Before you start sewing, brush your furry fabric using a soft hairbrush and make sure all the fibers are lying in one direction. When sewing and make sure the fibers are flat and in the same direction, arranged parallel to your stitches.

Remember that furry fabrics tend to have fragile bases so use double rows of stitches for your seams. A coarse thread and long stitches will also help in securely gripping your furry fabric.  For more tips on sewing with fur, please review the linked article.

Final Thoughts on Sewing Difficult Fabrics

There is no doubt that working with fragile, thick, slippery and furry fabrics can sometimes become a troublesome task.  Each of these fabrics have special characteristics that can make cutting and sewing them a challenging job.  Some of these difficult fabrics have the tendency to move during the cutting stage so that having neat edges could prove to be elusive. Others can prove to be a handful when you try to feed them through your sewing machine.  Deciding what stitch to use on these fabrics to produce the best result can already be intimidating to many.

However, producing something beautiful out of these challenging fabrics, can give you a kind satisfaction that is certainly worth all your efforts.  So, roll up your sleeves up and start taking the challenge of working with these unpredictable fabrics!  If you have any special tips for sewing difficult fabrics that you can share with the group, please add them in the comments below!

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13 Responses to Quick Tips For Sewing Difficult Fabrics

  1. Fred W Johnson says:

    gin01@q.com I need to know how to make a a slit in each side a slit in the side of my jacket so it doesn’t hang on my hips at the bottom hem . Do you know what I mean slit down at the bottom of the jacket and then sew a peice of fabric on each peice of fabric to cover up the raw fabric!! Can you help me??

    gnger johnson

  2. Winne Peterson says:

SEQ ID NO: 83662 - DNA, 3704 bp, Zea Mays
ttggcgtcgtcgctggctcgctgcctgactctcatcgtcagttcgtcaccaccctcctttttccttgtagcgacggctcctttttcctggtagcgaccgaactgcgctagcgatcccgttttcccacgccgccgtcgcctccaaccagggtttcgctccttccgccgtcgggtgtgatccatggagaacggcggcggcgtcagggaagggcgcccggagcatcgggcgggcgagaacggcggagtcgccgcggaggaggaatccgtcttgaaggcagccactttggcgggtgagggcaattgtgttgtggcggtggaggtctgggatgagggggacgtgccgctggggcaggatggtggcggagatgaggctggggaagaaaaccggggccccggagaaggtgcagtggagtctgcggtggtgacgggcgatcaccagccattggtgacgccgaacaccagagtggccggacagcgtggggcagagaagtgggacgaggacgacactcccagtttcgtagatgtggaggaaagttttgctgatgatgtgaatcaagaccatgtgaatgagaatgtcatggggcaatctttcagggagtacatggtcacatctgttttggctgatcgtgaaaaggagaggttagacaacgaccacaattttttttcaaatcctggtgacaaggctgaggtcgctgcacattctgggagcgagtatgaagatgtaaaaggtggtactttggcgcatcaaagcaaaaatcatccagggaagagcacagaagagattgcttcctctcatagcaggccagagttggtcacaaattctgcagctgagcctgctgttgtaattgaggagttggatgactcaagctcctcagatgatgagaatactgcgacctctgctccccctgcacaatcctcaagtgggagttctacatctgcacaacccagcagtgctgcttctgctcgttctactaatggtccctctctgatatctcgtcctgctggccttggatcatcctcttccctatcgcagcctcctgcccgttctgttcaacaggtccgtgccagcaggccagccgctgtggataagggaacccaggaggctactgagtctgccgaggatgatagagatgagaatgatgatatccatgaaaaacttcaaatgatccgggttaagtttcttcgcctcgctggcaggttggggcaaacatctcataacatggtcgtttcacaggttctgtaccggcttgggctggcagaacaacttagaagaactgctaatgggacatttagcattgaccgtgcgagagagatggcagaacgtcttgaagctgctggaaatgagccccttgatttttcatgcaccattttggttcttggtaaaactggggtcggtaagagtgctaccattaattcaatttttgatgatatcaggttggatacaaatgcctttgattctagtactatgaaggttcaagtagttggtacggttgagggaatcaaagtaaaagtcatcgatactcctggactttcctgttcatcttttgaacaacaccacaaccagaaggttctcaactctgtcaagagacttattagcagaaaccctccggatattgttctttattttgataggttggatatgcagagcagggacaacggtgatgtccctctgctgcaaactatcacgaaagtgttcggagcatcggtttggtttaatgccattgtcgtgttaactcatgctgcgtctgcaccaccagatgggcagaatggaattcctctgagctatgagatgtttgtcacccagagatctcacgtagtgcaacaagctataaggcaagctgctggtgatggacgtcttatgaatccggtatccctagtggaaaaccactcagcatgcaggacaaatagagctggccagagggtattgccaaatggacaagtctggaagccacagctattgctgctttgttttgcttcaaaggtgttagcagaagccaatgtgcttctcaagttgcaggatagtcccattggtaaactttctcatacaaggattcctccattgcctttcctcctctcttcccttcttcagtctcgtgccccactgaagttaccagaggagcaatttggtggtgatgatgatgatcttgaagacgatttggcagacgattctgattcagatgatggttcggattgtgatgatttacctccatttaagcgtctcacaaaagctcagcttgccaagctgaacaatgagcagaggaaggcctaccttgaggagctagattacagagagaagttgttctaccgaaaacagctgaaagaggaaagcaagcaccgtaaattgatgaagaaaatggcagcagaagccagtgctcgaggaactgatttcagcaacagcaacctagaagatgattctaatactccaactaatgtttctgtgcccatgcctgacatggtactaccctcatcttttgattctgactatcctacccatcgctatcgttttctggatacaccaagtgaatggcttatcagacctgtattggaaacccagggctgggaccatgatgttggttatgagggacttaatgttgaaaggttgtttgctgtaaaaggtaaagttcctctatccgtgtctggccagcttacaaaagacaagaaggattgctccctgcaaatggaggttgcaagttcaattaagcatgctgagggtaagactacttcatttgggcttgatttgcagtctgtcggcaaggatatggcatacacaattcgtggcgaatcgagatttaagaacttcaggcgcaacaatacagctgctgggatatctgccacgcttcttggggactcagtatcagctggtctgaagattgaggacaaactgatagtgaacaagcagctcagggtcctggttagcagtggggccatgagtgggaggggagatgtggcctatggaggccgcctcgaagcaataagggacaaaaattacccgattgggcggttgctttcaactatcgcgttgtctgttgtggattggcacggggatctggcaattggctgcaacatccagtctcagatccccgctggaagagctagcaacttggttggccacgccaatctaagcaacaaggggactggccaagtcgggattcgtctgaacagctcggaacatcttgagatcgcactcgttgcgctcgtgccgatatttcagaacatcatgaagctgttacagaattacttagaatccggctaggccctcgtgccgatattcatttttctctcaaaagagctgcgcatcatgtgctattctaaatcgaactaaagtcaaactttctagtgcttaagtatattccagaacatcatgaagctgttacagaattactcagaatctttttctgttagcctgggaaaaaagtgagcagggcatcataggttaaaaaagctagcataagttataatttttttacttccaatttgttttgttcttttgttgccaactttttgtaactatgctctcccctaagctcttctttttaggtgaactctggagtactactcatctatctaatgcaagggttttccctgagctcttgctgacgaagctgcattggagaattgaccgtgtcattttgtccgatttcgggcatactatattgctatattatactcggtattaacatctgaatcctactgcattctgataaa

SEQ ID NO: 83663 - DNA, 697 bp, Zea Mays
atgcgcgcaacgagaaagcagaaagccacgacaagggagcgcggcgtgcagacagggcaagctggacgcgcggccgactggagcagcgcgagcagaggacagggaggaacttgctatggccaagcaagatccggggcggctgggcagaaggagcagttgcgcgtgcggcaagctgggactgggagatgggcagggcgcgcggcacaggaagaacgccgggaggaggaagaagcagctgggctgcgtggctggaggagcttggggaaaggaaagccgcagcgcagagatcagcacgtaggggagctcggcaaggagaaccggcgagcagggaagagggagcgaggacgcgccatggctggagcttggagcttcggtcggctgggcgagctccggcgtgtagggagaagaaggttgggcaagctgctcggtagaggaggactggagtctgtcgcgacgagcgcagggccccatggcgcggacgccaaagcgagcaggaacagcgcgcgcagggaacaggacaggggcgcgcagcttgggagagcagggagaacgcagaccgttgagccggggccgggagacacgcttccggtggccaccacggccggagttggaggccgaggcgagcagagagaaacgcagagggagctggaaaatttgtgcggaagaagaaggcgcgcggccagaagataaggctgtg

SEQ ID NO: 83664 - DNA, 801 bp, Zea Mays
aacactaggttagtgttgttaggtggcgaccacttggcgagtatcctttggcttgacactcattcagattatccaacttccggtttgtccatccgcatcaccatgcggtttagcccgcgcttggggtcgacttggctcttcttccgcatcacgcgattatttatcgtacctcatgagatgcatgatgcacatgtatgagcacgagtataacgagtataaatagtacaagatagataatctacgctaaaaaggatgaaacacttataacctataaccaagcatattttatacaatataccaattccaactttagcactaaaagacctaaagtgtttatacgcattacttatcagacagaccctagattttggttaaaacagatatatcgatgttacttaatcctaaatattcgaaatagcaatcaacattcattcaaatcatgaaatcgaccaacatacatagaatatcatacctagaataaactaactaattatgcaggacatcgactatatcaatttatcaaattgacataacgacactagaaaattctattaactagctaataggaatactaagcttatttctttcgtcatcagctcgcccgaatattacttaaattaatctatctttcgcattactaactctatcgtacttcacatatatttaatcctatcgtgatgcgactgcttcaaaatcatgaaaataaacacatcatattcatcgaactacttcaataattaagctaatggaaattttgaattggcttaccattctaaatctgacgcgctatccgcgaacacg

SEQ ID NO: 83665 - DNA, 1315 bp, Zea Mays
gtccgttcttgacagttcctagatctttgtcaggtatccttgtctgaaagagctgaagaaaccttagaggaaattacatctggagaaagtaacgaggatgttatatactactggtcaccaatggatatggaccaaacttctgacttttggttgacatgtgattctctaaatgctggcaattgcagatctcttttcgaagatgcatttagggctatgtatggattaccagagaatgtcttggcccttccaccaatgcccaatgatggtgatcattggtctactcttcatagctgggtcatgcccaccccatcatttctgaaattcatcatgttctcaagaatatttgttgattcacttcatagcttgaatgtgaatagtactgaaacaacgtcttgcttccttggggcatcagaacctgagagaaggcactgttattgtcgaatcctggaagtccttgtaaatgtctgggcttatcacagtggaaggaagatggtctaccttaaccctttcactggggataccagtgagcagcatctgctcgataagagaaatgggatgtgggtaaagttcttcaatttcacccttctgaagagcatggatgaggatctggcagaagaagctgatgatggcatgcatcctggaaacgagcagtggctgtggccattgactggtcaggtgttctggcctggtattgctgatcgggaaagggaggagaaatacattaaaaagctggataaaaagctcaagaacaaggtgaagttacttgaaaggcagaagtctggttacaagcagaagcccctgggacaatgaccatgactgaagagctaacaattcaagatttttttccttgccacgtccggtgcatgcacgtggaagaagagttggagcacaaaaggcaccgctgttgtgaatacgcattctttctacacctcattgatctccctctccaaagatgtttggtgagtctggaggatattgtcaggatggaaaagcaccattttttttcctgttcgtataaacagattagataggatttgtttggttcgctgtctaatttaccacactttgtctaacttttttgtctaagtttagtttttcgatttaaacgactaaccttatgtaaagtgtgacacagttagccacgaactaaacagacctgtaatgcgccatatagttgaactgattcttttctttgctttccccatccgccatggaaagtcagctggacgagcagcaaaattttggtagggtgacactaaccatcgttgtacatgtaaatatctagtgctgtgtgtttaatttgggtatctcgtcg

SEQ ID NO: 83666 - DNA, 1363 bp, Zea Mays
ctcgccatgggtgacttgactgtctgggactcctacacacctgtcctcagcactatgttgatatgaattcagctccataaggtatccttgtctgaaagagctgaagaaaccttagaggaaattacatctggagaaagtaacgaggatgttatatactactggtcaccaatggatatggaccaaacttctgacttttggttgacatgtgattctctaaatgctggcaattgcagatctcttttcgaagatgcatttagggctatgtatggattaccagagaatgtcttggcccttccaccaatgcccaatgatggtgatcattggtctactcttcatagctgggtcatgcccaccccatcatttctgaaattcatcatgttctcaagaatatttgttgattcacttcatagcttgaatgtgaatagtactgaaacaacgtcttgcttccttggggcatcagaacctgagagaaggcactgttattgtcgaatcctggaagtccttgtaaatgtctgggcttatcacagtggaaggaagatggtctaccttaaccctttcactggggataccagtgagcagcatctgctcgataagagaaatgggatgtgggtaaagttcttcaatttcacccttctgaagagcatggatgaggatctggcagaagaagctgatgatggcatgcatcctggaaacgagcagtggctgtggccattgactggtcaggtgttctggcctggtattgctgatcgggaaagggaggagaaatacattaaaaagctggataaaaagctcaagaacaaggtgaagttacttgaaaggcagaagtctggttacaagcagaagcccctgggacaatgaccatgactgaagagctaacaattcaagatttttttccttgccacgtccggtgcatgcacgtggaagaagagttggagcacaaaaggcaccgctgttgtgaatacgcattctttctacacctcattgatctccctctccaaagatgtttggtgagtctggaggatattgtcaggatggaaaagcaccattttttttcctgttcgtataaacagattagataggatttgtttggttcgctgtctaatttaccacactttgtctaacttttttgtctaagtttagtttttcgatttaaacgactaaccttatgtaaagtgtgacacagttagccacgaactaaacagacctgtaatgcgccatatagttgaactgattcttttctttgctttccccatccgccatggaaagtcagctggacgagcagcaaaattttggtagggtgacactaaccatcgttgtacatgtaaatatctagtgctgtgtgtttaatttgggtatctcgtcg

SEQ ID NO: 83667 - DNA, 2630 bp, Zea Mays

For a great buy on a really good machine, check out your local quilt shops for trade-ins. Quilters often trade up to more recent models, making excellent machines available at a fraction of their original cost. Usually they have been serviced by the shop and are ready to go to work for you. Happy shopping!

  3. Helene Boulerice says:

    I find that sewing fur with my old “steel” sewing machine is better as I find the new ones are too easy to “dirty” and the old one I have is easier to clearn and works better with thick fabrics

  4. Hi Maya and Debi! Speaking of unusual fabric, is there a good way to sew hook & loop to ripstop nylon? Thin, sharp needle or thicker? I feel that I have to zig zag stitch around the hook & loop’s outer edge at least 4 times, for it to be secure, to wash. My boyfriend’s mom has me make belly bands for her male pug dogs. She had me use twill or denim, or bottom weight types, for inner lining and outer fabric, with elastic inside the outer fabric and inner lining, on top of that, my other customer suggested that I have a stretch nylon pocket, dancewear or swimwear, for a pad or cut up cloth diaper. My customer had me make belly bands for her Yorkshire terrier that way, but initially, the customer had me use two layers of cozy flannel cotton, only afterward had me add the pocket. The customer loves it, but my boyfriend’s mom now wants me to try waterproof nylon outer layer, with microfiber cloth inside as a lining, with no pocket. I’m working on a few for her now. I’ve never worked with nylon or microfiber before.The hook and loop sews well on cozy flannel and twill or bottom weight. I don’t know what needle to use, because both nylon and hook and loop are so opposite in thickness. Should I be using the #11 Singer needle for both, or one? Which gauge needle should I use for assembling and sewing both together?
    THANK YOU!

    • Mayra at So Sew Easy says: